Tuesday marked the 23rd day that the Twins have been without a true starting rotation, more than three weeks since Adalberto Mejia was demoted to Class AAA Rochester, and manager Paul Molitor admits he sort of misses the steadiness that having five reliable starting pitchers brings.
“It would be nice to get into a little bit of a rhythm that way,” he said. “It hasn’t hurt us a ton that we haven’t had a set five to this point. But if we get there, and feel like from top to bottom we’re in good shape, it would be a settling thing.”
Instead, uncertainty has surrounded the identity of the Twins’ starter on each of the first two Saturdays of May, and this Saturday will make it three in a row. Nick Tepesch (it didn’t go well) and Jose Berrios (it went spectacularly well) made their 2017 debuts the past two weekends, and now Molitor must choose another starter, who may or may not be on the current roster, for Saturday’s matchup with Kansas City.
Well, unless bad weather intervenes. Rain is in the forecast for Wednesday, making a Thursday doubleheader a distinct, staff-scrambling possibility.
That’s why, when asked Tuesday about this weekend’s plans, Molitor played it coy.
“I know who it might be,” the manager told reporters. “No need to put it out there until we decide to make it final.”
Still, the candidates appear obvious: Mejia, the lefthander who posted a 5.79 ERA in three starts before being jettisoned; Kyle Gibson, who had an 8.20 ERA in six starts before being demoted; and Tepesch, who gave up seven runs, albeit six unearned, and retired only five batters in his lone audition on the last homestand. Because 10 days have not lapsed since Tepesch’s demotion, it would require the Twins putting another player on the disabled list for him to be eligible to return.
The Twins might have tipped their plans in Rochester, however. Mejia, who returned to the Red Wings after the weekend birth of his child, allowed one hit and no runs in three innings against Lehigh Valley on Tuesday, and was removed after throwing only 33 pitches. That could be an indication that Mejia, who has a 3.48 ERA in four minor-league starts, will be called back up to the Twins this weekend.
Eddie Rosario had batted ninth in five games this season, and Byron Buxton was eighth three times. But they never had been in that order in the same lineup until Tuesday, when Molitor deployed his 31st lineup of the season in the team’s 35th game.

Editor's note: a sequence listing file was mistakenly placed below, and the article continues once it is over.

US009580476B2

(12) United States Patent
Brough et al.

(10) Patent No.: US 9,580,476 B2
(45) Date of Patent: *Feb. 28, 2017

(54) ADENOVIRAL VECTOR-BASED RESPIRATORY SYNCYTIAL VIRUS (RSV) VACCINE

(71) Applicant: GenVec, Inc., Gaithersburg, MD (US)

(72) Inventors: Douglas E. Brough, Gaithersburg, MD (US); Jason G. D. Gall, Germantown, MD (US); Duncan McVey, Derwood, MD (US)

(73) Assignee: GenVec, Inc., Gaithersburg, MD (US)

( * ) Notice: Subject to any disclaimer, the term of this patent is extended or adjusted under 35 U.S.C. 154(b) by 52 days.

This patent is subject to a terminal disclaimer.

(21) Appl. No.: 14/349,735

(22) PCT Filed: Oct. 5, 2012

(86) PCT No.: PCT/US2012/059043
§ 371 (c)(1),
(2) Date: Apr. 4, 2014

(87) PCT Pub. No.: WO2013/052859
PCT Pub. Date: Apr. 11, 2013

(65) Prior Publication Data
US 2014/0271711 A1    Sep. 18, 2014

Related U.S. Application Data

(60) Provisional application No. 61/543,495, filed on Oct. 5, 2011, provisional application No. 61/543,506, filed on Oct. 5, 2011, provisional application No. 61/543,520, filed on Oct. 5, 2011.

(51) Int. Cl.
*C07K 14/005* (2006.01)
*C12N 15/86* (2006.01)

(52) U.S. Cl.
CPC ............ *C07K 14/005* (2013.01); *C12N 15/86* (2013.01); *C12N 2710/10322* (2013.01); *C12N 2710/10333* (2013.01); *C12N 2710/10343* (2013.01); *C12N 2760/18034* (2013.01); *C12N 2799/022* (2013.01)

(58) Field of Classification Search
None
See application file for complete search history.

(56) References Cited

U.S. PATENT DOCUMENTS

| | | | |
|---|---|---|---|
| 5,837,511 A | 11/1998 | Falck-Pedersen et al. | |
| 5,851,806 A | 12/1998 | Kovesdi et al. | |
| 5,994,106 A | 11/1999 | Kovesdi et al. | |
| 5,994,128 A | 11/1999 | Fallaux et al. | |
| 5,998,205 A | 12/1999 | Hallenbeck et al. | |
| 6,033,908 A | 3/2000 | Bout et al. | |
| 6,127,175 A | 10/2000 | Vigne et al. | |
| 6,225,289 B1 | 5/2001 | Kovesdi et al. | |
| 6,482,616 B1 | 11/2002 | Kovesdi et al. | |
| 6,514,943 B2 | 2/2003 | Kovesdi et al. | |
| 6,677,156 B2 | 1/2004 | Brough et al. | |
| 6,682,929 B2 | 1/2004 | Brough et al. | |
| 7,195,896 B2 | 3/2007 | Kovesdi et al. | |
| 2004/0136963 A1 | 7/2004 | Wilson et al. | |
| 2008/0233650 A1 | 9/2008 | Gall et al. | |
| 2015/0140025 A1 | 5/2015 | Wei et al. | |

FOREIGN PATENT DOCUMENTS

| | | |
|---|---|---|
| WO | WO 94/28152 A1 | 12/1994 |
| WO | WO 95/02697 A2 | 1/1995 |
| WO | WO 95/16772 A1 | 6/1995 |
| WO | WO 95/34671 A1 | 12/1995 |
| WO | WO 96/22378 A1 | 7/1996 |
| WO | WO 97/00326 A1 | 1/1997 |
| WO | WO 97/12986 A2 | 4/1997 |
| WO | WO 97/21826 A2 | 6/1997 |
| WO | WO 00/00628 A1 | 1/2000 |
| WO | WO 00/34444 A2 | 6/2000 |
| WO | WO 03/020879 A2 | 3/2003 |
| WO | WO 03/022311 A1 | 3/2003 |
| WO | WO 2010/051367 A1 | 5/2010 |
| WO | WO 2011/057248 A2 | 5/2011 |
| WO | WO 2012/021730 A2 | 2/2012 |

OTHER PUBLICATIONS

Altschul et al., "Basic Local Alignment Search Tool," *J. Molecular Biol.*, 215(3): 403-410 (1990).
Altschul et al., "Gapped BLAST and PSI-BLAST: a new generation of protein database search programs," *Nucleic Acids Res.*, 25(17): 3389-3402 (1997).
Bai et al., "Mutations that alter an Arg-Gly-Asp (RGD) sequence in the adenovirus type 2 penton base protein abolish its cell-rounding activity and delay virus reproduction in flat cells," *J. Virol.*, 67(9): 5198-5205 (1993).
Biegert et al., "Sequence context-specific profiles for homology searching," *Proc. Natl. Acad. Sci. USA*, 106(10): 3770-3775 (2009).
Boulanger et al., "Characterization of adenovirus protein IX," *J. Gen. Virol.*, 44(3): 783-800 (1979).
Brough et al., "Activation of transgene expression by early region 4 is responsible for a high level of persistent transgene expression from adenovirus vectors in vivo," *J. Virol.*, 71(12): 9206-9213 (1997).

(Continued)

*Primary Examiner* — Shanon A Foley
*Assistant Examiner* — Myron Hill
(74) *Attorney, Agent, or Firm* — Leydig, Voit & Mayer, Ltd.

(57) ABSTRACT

Both of them went 1-for-3 Tuesday, with Buxton hitting his second homer of the season.
The reason for this specific move was Rosario’s relative lack of power against lefthanders, with Kyle Freeland on the mound for Colorado. But in general, Molitor said, he’s learned to be more flexible in his lineups this season, and more aware of alignments suggested by data.
“I’ve tried to use more information to [determine] not only who plays, but where they might hit,” he said. “Sometimes you get hunches about who’s swinging well, but there’s more [data] to look at in pretty much every area that you get on a day-to-day basis.”
That includes additional advance scouting reports, but also new information developed in-house.
“Coach Jeff Pickler has been doing a lot of research on some things that might help,” Molitor said. Making out the lineup card has become more time-consuming, he said, “because we have such extended resources, but it’s also kind of fun to sift through some of those things. The personal aspect still comes into play, but you still try to use the information that you can.”
• LaTroy Hawkins made his broadcast debut Tuesday, working with Dick Bremer on the Fox Sports North telecast. The pairing was appropriate, because the Twins and Rockies are the two teams for whom he played more than 100 games during his major league career.